The basics of search engine optimisation.
It’s time we face the facts: we are all full-blown search engine addicts. We conduct over 4,000 Google searches per second, and depend on our search engine buddies for answers to just about everything – ‘Where can I book cheap flights to Thailand?’ ‘How can I open a wine bottle without a corkscrew?’ ‘Who invented liquid dish soap?’. Luckily, there are simple steps to make the way we ask our questions, and the way we get our answers, work for your company.
SEO, or search engine optimisation, is about taking advantage of the Googling culture to increase the visibility of your business. In a nutshell, it’s about communicating the right messages to search engines so that your webpages appear on relevant user searches, which means more traffic and more leads. We’ve put together some basics to help you get started.
1. On-Page SEO
On-Page SEO revolves around optimising each of your individual web pages to increase their ranking with search engines. The main way to accomplish this is to choose the best, most appropriate keywords for each of your webpages and then communicate those keywords to search engines. So, step one: find those magical keywords!
Finding the right keywords can be a challenge. You may have buzzwords within your industry that aren’t known or used in the general public, so your keywords will depend entirely on your target audience. Think about who you want to be searching for your content, and then use a program like Google Adwords Keyword Planner to see statistics on different keywords and help you determine which one is right for your page.
Once you’ve got your keywords, communicate them to the search engines by incorporating them into your metatags and your webpage content.
Metatags are a category of HTML items that supply search engines and website visitors with information. They are broken down into two categories: title tags and meta descriptions.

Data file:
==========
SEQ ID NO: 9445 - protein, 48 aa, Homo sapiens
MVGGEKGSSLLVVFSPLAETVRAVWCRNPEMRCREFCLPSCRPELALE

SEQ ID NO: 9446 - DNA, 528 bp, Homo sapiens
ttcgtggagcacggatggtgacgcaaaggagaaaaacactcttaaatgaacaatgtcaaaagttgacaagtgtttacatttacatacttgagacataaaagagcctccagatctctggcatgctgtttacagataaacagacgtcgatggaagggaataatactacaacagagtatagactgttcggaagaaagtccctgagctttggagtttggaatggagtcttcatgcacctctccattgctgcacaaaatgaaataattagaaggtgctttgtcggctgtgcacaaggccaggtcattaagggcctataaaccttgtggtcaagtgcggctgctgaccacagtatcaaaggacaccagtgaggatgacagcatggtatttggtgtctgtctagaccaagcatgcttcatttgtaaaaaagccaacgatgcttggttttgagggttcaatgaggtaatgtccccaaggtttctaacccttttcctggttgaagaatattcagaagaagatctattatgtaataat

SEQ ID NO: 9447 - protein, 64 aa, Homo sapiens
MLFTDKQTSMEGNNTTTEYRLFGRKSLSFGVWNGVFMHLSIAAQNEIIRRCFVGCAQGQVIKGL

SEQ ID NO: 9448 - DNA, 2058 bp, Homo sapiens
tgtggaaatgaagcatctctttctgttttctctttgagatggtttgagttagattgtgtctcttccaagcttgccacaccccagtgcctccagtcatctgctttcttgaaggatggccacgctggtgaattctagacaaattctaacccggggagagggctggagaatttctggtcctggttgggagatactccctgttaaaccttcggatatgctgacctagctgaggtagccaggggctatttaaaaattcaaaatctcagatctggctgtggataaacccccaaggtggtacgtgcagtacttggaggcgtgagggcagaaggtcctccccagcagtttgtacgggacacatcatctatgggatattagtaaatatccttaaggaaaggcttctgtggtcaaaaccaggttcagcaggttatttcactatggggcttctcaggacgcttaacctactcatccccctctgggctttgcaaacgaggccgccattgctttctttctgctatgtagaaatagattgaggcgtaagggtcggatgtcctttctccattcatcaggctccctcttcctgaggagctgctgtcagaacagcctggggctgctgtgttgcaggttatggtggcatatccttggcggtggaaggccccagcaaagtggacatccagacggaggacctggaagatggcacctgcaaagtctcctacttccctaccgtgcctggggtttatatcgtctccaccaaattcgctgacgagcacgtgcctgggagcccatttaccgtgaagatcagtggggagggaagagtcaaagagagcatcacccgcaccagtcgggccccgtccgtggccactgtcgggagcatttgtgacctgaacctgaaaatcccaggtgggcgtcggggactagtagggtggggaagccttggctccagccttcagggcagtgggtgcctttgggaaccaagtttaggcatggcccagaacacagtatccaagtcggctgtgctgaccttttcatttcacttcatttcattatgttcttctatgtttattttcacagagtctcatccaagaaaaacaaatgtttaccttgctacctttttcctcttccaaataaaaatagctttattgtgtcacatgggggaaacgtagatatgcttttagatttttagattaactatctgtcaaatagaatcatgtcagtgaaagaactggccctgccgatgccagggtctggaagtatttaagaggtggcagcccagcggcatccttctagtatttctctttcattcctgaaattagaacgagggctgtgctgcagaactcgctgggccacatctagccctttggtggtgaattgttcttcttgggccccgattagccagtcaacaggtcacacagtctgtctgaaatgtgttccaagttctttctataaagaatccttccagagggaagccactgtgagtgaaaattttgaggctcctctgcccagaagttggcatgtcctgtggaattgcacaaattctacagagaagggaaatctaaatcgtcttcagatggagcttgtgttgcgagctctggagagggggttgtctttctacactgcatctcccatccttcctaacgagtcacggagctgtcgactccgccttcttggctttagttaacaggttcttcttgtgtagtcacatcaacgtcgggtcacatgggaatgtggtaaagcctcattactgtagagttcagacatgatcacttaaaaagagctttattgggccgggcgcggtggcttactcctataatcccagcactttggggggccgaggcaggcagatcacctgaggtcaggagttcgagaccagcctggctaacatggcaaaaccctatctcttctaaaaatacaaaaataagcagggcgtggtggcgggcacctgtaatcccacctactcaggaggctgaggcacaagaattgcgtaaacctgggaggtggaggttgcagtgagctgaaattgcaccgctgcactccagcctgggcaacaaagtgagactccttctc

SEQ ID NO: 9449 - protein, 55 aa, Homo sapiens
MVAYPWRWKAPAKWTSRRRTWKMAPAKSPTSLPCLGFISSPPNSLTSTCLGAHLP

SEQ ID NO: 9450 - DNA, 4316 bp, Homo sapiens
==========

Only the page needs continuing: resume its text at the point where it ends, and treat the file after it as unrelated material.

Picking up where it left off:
– Title Tags
Title tags are used to demonstrate the topic of a page on your site in a concise way. This title will appear in various parts of the internet, including the bold blue letters of a web search and the tab of the user’s web browser. The title tags are the most visually outstanding element of a search, and are therefore critical to whether or not a user will click.
A good title tag will be 50-60 characters long, with the important keywords first, followed by the less important words. It will be unique to one webpage (don’t repeat your title tags), will accurately and concisely describe the content on the page.
– Meta descriptions
Meta descriptions are the brief descriptions that show up below the title tag on a search engine results page. They describe the content of the link, and are made to help the visitor discern of your page is relevant to them.
A strong meta description will be 135-160 characters long, with the incorporation of keywords and a call to action. The copy will be readable, relatable and engaging, and will be unique to each webpage. Think of your metadescription as a concise advertisement, telling the visitor why he or she should check out your page.
Content is the other critical element of your on-page SEO. It should be strong and robust, and deliver on what your metatags promised. Your keywords should be scattered throughout your content, but not to the point of keyword cramming, as search engines are now programmed to downgrade sites that are too repetitive or seem spammy. Use different forms of the same word or related words to cater to different types of searches.
4. Off-page SEO
Off-page SEO is based on external links to your pages. References to your work on other websites, mentions on social media and bookmarks all improve off-page SEO. The premise is that, when other sources cite you, they are letting the search engines know that your site is trustworthy and has useful information. Search engines are programmed to promote helpful, popular websites, which means that strong off-page SEO will increase a page’s rankings and lead to more exposure.
Website administrators are constantly trying to game the off-page SEO system. Companies pay for low-quality sites to link to their pages, participate in link-exchange schemes with other websites where they would agree to link to one another’s work, and comment on forums just to leave a link to their website. But website programmers have become savvy about off-page SEO cheating, and are constantly reprogramming to downgrade sites engaging in these activities.
The only way to ensure strong off-page SEO over the long term is to do it the organic way—by creating good content that people actually want to link to. Visual content, blog posts, promotions and competitions are good ways to get users engaged with your content and linking to your webpages.
SEO is an entire universe unto itself, but with these basics you can get your company on the path to search engine success.